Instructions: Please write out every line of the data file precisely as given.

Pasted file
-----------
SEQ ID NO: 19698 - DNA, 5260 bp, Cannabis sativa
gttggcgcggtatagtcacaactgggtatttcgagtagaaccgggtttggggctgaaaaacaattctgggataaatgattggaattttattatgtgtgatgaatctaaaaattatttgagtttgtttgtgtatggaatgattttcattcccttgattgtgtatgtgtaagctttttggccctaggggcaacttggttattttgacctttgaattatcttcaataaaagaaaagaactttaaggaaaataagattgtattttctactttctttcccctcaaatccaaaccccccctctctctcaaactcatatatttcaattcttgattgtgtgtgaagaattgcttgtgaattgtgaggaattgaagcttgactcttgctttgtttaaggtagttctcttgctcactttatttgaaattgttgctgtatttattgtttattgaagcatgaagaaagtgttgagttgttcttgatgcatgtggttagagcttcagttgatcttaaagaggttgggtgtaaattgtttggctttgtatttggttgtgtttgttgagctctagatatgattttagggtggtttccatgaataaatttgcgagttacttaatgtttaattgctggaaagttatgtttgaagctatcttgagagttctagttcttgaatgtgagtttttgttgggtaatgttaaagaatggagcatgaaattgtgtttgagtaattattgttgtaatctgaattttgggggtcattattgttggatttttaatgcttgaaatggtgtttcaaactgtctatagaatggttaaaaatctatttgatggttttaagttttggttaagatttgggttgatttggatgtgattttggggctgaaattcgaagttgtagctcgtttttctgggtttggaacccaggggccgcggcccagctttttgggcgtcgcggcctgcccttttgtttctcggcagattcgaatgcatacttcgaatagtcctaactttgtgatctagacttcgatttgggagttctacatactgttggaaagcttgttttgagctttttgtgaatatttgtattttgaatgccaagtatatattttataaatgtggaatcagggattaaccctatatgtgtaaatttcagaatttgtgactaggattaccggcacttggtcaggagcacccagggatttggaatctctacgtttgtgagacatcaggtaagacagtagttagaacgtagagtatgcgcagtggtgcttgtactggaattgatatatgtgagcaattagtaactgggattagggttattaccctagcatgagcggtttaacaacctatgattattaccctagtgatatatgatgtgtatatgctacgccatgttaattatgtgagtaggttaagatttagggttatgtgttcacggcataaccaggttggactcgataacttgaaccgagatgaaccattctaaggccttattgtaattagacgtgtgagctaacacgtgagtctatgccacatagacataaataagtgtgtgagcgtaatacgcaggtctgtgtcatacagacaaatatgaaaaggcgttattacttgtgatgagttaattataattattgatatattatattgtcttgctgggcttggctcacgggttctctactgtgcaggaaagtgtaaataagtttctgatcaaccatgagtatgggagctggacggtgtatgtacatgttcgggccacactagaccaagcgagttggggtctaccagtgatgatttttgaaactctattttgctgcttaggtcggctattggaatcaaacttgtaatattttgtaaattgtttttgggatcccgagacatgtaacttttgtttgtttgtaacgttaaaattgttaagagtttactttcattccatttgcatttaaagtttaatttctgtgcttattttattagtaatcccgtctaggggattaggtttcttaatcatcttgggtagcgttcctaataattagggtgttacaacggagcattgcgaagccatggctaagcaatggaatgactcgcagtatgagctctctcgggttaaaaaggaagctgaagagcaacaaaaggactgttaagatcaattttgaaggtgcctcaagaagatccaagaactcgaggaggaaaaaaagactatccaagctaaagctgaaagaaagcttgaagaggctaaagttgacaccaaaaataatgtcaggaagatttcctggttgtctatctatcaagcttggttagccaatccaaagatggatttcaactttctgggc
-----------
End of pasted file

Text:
SEQ ID NO: 19698 - DNA, 5260 bp, Cannabis sativa
gttggcgcggtatagtcacaactgggtatttcgagtagaaccgggtttggggctgaaaaacaattctgggataaatgattggaattttattatgtgtgatgaatctaaaaattatttgagtttgtttgtgtatggaatgattttcattcccttgattgtgtatgtgtaagctttttggccctaggggcaacttggttattttgacctttgaattatcttcaataaaagaaaagaactttaaggaaaataagattgtattttctactttctttcccctcaaatccaaaccccccctctctctcaaactcatatatttcaattcttgattgtgtgtgaagaattgcttgtgaattgtgaggaattgaagcttgactcttgctttgtttaaggtagttctcttgctcactttatttgaaattgttgctgtatttattgtttattgaagcatgaagaaagtgttgagttgttcttgatgcatgtggttagagcttcagttgatcttaaagaggttgggtgtaaattgtttggctttgtatttggttgtgtttgttgagctctagatatgattttagggtggtttccatgaataaatttgcgagttacttaatgtttaattgctggaaagttatgtttgaagctatcttgagagttctagttcttgaatgtgagtttttgttgggtaatgttaaagaatggagcatgaaattgtgtttgagtaattattgttgtaatctgaattttgggggtcattattgttggatttttaatgcttgaaatggtgtttcaaactgtctatagaatggttaaaaatctatttgatggttttaagttttggttaagatttgggttgatttggatgtgattttggggctgaaattcgaagttgtagctcgtttttctgggtttggaacccaggggccgcggcccagctttttgggcgtcgcggcctgcccttttgtttctcggcagattcgaatgcatacttcgaatagtcctaactttgtgatctagacttcgatttgggagttctacatactgttggaaagcttgttttgagctttttgtgaatatttgtattttgaatgccaagtatatattttataaatgtggaatcagggattaaccctatatgtgtaaatttcagaatttgtgactaggattaccggcacttggtcaggagcacccagggatttggaatctctacgtttgtgagacatcaggtaagacagtagttagaacgtagagtatgcgcagtggtgcttgtactggaattgatatatgtgagcaattagtaactgggattagggttattaccctagcatgagcggtttaacaacctatgattattaccctagtgatatatgatgtgtatatgctacgccatgttaattatgtgagtaggttaagatttagggttatgtgttcacggcataaccaggttggactcgataacttgaaccgagatgaaccattctaaggccttattgtaattagacgtgtgagctaacacgtgagtctatgccacatagacataaataagtgtgtgagcgtaatacgcaggtctgtgtcatacagacaaatatgaaaaggcgttattacttgtgatgagttaattataattattgatatattatattgtcttgctgggcttggctcacgggttctctactgtgcaggaaagtgtaaataagtttctgatcaaccatgagtatgggagctggacggtgtatgtacatgttcgggccacactagaccaagcgagttggggtctaccagtgatgatttttgaaactctattttgctgcttaggtcggctattggaatcaaacttgtaatattttgtaaattgtttttgggatcccgagacatgtaacttttgtttgtttgtaacgttaaaattgttaagagtttactttcattccatttgcatttaaagtttaatttctgtgcttattttattagtaatcccgtctaggggattaggtttcttaatcatcttgggtagcgttcctaataattagggtgttacaacggagcattgcgaagccatggctaagcaatggaatgactcgcagtatgagctctctcgggttaaaaaggaagctgaagagcaacaaaaggactgttaagatcaattttgaaggtgcctcaagaagatccaagaactcgaggaggaaaaaaagactatccaagctaaagctgaaagaaagcttgaagaggctaaagttgacaccaaaaataatgtcaggaagatttcctggttgtctatctatcaagcttggttagccaatccaaagatggatttcaactttctgggc